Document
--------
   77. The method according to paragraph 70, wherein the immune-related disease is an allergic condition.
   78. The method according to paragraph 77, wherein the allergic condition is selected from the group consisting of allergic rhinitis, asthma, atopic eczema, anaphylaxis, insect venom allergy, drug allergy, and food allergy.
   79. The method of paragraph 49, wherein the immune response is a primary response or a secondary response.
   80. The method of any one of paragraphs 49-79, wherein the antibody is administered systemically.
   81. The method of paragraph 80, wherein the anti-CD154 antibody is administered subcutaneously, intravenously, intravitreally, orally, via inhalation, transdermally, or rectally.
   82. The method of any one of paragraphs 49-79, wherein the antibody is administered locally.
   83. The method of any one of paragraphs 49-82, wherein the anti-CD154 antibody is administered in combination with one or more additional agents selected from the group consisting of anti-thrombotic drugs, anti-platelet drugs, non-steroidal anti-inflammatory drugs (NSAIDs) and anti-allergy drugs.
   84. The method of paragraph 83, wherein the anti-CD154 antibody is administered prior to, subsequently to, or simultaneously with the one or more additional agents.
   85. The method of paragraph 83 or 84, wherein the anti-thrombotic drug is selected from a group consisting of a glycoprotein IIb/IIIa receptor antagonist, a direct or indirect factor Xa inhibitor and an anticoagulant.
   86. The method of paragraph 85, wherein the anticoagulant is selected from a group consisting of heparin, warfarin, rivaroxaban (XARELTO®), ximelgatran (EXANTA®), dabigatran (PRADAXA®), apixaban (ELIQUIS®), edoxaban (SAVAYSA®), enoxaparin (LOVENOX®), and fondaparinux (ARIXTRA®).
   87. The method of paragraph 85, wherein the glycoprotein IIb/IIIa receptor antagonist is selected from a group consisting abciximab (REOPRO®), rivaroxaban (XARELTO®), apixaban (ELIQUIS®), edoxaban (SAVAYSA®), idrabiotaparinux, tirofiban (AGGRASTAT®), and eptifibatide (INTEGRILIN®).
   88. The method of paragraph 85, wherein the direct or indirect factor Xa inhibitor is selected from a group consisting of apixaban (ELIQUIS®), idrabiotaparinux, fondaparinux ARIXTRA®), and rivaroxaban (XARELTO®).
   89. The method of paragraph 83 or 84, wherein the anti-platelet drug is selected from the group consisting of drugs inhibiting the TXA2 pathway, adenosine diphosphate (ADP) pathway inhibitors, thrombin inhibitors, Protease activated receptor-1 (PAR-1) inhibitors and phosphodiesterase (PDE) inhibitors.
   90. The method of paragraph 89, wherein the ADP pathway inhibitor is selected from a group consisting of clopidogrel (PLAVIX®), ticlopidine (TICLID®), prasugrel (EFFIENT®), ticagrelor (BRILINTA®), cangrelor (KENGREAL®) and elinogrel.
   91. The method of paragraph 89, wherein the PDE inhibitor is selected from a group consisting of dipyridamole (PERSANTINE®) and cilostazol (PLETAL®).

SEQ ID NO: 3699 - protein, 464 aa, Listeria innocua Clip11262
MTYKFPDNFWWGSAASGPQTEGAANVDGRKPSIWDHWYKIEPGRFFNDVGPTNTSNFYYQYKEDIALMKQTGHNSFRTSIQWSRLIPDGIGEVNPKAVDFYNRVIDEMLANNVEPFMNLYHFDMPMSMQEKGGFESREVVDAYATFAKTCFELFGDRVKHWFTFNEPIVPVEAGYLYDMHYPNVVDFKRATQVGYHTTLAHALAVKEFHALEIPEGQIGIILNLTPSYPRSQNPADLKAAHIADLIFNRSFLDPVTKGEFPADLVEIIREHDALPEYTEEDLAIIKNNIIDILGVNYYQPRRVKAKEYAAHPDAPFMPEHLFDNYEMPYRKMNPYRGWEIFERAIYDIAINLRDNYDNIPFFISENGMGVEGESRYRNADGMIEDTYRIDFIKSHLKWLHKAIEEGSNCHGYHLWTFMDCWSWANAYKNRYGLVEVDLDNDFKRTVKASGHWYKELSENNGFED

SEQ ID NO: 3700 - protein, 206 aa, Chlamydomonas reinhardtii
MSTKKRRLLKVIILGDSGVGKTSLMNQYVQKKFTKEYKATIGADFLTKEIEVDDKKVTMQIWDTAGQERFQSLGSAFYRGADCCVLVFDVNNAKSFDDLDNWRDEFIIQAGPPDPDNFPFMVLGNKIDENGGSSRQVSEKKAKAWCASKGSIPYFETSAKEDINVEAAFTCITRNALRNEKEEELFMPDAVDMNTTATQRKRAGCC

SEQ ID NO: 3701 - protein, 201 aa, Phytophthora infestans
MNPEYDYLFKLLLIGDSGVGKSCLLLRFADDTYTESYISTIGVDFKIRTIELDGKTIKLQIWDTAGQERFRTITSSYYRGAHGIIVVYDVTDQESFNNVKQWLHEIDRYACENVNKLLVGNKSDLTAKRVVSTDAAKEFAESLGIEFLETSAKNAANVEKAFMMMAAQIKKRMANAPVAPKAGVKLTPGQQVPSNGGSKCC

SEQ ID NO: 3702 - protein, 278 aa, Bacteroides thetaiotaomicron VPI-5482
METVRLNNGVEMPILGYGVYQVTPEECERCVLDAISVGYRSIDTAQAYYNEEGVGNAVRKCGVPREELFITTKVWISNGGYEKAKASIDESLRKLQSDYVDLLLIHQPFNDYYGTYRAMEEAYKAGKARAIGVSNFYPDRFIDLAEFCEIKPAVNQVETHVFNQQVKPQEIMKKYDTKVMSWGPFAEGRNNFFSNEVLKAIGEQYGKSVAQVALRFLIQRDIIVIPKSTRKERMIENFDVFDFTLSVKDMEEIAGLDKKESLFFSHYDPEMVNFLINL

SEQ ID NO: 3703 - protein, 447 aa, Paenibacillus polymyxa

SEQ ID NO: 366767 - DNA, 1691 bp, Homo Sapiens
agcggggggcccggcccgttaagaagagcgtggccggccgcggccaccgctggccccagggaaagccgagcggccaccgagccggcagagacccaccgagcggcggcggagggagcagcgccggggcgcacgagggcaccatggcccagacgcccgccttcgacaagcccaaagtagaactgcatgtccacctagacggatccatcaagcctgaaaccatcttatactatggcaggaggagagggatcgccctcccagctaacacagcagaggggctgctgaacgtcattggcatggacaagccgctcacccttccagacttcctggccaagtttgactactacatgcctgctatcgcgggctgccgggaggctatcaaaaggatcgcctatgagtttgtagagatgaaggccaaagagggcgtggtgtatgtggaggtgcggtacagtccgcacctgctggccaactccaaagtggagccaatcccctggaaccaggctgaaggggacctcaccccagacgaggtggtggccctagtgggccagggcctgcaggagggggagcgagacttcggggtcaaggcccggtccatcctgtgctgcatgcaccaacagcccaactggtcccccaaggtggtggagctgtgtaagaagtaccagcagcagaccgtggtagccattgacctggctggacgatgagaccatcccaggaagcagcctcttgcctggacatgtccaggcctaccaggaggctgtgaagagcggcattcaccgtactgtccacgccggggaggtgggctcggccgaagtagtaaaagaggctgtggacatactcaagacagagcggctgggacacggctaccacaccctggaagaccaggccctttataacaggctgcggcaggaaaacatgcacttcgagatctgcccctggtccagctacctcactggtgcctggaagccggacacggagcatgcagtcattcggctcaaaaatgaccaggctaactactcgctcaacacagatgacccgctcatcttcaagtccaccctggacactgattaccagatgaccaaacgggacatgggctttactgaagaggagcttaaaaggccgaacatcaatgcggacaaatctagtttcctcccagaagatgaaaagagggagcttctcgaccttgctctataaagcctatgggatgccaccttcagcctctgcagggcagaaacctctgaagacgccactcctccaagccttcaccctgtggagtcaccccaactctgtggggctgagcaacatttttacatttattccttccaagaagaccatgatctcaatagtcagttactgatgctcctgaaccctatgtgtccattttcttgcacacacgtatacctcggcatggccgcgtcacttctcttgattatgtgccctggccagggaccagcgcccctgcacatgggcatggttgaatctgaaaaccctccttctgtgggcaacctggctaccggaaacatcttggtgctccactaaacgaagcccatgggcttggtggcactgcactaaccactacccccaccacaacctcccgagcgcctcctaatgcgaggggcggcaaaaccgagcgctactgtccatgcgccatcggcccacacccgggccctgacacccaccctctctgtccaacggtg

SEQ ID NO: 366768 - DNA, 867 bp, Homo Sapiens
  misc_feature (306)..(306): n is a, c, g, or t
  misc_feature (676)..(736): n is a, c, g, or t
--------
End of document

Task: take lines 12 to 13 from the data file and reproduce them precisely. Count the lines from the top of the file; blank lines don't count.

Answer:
   88. The method of paragraph 85, wherein the direct or indirect factor Xa inhibitor is selected from a group consisting of apixaban (ELIQUIS®), idrabiotaparinux, fondaparinux ARIXTRA®), and rivaroxaban (XARELTO®).
   89. The method of paragraph 83 or 84, wherein the anti-platelet drug is selected from the group consisting of drugs inhibiting the TXA2 pathway, adenosine diphosphate (ADP) pathway inhibitors, thrombin inhibitors, Protease activated receptor-1 (PAR-1) inhibitors and phosphodiesterase (PDE) inhibitors.